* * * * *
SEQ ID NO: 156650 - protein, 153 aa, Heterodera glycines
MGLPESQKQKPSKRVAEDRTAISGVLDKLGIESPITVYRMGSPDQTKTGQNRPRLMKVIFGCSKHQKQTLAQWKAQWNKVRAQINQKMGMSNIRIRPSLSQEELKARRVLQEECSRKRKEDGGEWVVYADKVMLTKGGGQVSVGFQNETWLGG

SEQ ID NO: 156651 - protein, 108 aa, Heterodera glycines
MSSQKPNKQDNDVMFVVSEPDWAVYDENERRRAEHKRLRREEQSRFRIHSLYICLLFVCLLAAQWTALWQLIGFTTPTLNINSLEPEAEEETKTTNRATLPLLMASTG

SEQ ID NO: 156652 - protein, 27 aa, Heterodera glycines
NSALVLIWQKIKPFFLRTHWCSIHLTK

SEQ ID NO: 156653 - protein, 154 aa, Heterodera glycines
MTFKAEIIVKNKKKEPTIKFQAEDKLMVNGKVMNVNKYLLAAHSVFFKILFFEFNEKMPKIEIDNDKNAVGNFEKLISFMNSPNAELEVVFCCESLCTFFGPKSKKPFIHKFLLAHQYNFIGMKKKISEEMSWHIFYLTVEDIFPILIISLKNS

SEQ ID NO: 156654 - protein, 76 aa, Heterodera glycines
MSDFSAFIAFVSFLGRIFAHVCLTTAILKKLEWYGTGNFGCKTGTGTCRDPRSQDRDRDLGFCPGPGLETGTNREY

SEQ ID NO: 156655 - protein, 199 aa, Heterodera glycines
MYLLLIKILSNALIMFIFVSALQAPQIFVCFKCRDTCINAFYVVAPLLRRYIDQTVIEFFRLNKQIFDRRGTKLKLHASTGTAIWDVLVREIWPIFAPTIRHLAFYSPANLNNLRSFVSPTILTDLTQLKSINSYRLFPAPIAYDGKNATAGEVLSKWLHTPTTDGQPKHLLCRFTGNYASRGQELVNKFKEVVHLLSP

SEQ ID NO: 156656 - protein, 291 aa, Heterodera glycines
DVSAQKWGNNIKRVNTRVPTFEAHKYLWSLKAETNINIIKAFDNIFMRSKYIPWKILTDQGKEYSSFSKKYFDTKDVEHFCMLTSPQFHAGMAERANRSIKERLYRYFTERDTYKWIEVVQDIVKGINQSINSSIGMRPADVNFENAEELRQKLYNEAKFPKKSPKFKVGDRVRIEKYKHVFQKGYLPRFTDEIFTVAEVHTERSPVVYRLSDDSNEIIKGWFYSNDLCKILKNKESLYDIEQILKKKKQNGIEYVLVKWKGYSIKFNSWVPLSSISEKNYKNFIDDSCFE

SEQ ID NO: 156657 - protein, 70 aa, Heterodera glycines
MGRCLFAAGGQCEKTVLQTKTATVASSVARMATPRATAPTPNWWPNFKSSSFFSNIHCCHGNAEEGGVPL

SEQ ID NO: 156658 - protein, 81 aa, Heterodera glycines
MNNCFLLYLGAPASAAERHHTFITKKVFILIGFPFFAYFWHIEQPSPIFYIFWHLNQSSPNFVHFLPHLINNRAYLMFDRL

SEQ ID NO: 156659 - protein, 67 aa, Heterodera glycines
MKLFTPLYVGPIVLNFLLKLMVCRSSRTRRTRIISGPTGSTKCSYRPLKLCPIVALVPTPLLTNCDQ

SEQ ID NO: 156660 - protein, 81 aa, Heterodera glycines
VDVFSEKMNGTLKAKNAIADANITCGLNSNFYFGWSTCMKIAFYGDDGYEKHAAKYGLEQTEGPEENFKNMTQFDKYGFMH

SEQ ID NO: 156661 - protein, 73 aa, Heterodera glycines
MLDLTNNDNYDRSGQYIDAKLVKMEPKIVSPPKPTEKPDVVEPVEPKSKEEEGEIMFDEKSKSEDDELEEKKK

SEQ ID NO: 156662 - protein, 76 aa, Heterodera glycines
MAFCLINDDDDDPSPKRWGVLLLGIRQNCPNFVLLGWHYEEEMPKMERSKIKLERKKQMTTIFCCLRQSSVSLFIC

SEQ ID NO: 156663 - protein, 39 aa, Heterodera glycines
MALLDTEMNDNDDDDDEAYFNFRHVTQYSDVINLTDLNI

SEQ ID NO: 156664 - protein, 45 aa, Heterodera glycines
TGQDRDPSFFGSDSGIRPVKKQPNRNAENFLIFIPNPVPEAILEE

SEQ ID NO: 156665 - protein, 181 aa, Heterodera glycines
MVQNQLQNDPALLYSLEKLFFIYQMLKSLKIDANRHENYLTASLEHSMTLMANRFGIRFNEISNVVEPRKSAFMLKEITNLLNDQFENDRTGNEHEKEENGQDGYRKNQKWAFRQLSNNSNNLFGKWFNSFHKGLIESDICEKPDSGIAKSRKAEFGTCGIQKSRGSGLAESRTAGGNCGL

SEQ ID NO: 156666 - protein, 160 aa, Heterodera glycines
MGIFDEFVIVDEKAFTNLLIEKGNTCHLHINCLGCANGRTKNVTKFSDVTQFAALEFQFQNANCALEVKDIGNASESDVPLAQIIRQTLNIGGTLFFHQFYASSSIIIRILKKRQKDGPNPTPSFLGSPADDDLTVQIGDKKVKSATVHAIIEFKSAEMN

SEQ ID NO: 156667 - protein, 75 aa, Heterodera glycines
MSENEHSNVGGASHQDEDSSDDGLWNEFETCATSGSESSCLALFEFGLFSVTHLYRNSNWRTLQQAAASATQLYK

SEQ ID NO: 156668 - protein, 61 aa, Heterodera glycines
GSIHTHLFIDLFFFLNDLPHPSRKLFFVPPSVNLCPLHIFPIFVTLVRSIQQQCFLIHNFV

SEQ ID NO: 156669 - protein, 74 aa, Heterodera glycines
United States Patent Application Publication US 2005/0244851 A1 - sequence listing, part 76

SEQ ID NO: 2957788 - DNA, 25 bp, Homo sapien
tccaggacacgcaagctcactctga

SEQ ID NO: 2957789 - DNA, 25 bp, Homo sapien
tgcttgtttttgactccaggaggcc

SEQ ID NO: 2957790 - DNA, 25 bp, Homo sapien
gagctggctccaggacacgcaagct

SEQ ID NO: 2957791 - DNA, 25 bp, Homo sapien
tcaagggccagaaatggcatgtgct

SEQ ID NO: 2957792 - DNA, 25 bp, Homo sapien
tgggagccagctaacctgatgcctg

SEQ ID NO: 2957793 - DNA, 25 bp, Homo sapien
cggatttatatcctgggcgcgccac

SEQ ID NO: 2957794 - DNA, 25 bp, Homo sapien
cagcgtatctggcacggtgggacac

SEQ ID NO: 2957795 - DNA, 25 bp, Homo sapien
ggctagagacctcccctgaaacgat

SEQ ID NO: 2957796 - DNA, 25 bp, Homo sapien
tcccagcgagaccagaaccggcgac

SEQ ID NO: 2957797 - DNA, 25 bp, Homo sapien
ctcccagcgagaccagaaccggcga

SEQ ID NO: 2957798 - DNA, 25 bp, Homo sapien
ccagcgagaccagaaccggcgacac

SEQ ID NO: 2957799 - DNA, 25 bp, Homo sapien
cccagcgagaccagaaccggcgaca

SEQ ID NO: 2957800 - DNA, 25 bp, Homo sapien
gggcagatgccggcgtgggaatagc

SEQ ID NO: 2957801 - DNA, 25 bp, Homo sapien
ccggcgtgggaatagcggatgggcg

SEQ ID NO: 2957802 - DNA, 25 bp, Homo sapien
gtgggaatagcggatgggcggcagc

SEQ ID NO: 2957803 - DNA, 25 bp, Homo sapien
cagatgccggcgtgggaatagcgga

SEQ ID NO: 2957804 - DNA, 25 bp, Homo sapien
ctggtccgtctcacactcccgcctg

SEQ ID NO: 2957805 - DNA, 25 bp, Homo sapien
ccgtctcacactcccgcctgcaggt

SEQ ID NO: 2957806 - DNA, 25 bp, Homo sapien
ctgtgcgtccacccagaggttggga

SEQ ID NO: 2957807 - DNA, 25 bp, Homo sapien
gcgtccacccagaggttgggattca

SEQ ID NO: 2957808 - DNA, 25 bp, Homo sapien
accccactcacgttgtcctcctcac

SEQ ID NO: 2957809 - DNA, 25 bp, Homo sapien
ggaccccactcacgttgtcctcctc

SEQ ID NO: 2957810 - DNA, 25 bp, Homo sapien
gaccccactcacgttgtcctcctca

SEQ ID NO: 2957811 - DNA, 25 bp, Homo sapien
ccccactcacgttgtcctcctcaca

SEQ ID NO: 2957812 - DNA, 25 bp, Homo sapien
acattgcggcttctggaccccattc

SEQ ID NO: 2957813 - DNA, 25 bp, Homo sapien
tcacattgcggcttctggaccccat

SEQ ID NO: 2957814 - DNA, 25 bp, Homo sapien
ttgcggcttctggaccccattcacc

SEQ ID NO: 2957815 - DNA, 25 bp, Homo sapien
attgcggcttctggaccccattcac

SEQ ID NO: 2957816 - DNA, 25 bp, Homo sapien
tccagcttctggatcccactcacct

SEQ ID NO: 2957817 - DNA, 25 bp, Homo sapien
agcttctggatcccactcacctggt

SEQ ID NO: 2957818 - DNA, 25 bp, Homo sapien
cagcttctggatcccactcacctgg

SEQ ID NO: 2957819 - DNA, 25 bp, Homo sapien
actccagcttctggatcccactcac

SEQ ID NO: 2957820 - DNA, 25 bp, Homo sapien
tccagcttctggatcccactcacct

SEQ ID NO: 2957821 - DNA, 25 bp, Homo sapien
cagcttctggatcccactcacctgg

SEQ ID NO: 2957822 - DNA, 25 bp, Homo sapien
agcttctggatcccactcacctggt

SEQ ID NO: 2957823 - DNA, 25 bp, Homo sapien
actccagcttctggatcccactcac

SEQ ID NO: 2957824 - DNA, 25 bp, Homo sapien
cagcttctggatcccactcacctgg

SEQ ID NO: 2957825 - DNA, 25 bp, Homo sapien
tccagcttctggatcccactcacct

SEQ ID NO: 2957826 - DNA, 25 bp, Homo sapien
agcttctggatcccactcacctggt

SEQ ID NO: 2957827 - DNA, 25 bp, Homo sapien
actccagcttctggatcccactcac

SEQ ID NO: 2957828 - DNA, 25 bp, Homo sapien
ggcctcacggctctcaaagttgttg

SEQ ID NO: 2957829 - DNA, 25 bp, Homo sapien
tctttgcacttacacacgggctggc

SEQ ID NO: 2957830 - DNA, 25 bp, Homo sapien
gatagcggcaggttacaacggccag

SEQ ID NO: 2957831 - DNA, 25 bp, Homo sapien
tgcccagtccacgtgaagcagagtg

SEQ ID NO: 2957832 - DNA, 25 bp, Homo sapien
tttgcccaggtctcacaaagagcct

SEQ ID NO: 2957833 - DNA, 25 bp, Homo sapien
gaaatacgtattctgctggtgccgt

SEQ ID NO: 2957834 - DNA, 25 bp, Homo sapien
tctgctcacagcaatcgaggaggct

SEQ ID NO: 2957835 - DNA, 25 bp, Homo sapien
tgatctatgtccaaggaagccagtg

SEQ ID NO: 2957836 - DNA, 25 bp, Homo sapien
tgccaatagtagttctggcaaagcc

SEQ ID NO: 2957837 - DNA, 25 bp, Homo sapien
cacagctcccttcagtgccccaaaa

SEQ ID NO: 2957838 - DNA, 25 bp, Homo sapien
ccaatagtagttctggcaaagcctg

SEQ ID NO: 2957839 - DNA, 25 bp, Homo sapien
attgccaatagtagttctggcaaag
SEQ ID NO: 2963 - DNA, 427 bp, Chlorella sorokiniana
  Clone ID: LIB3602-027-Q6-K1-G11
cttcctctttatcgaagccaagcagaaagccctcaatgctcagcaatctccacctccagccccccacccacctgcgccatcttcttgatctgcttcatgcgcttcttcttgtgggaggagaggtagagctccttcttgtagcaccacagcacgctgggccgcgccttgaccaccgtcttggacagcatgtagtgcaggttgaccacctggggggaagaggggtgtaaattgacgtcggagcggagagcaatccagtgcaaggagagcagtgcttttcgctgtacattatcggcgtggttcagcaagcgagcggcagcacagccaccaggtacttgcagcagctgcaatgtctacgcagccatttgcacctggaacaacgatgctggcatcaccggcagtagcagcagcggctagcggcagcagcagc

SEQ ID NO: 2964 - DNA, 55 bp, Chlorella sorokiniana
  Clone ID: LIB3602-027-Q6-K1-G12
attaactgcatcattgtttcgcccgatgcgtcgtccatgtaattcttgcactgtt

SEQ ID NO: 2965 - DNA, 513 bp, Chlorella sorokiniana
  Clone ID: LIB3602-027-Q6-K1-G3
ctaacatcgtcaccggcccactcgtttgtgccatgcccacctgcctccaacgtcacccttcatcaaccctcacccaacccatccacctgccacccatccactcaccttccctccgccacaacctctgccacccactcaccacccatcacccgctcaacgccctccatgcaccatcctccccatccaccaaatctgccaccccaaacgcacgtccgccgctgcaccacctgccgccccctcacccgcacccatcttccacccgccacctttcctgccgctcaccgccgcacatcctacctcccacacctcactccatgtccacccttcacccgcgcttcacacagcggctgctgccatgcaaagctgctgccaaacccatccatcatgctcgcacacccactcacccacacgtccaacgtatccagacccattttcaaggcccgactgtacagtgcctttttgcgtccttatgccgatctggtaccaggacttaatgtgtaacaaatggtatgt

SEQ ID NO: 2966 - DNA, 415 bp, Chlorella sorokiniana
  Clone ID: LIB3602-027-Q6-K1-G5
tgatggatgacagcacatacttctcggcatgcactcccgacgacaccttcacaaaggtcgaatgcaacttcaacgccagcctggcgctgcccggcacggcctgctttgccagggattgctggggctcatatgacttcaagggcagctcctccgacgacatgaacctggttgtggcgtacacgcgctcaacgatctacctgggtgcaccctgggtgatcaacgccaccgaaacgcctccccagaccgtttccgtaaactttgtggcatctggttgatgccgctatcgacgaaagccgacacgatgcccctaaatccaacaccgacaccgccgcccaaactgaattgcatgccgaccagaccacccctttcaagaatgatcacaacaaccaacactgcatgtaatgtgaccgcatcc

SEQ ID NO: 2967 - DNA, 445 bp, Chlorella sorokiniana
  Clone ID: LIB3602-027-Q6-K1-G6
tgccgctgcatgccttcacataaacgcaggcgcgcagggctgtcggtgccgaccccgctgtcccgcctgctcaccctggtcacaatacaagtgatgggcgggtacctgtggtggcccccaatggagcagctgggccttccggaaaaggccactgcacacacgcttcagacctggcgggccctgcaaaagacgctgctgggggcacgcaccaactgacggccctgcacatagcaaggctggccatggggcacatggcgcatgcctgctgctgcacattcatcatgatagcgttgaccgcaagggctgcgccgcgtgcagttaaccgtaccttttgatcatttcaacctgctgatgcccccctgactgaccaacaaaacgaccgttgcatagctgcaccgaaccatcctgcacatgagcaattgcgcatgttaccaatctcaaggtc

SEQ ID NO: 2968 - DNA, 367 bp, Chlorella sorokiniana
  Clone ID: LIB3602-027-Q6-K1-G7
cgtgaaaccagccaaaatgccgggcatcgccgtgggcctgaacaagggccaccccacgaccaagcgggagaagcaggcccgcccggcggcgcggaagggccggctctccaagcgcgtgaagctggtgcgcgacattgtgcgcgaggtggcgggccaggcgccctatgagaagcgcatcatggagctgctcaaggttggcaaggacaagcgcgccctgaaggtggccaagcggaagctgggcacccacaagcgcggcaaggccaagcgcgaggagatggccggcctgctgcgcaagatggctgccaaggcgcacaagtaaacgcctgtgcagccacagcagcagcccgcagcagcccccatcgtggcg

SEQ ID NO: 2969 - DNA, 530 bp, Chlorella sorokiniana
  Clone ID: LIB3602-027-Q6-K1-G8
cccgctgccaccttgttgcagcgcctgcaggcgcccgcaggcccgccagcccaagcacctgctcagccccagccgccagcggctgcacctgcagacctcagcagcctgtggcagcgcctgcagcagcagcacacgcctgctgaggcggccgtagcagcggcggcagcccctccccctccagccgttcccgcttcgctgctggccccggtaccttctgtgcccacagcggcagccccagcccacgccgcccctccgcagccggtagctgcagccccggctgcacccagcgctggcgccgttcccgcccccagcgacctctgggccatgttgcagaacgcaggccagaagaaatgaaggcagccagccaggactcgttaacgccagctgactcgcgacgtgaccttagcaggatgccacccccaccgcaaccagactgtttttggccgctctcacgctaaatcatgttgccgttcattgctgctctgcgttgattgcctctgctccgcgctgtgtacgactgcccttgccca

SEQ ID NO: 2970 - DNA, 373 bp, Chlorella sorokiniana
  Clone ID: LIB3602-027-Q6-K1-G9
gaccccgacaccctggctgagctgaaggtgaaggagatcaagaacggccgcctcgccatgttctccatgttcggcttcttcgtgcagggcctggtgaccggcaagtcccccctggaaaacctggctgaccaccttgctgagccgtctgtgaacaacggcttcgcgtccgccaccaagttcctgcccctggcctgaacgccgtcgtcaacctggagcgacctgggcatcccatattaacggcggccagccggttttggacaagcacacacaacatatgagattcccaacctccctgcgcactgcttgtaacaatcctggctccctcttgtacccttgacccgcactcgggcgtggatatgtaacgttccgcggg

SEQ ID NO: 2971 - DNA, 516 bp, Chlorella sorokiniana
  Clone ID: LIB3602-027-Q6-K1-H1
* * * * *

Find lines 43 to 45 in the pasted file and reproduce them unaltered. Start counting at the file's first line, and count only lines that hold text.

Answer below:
SEQ ID NO: 2957789 - DNA, 25 bp, Homo sapien
tgcttgtttttgactccaggaggcc

SEQ ID NO: 2957790 - DNA, 25 bp, Homo sapien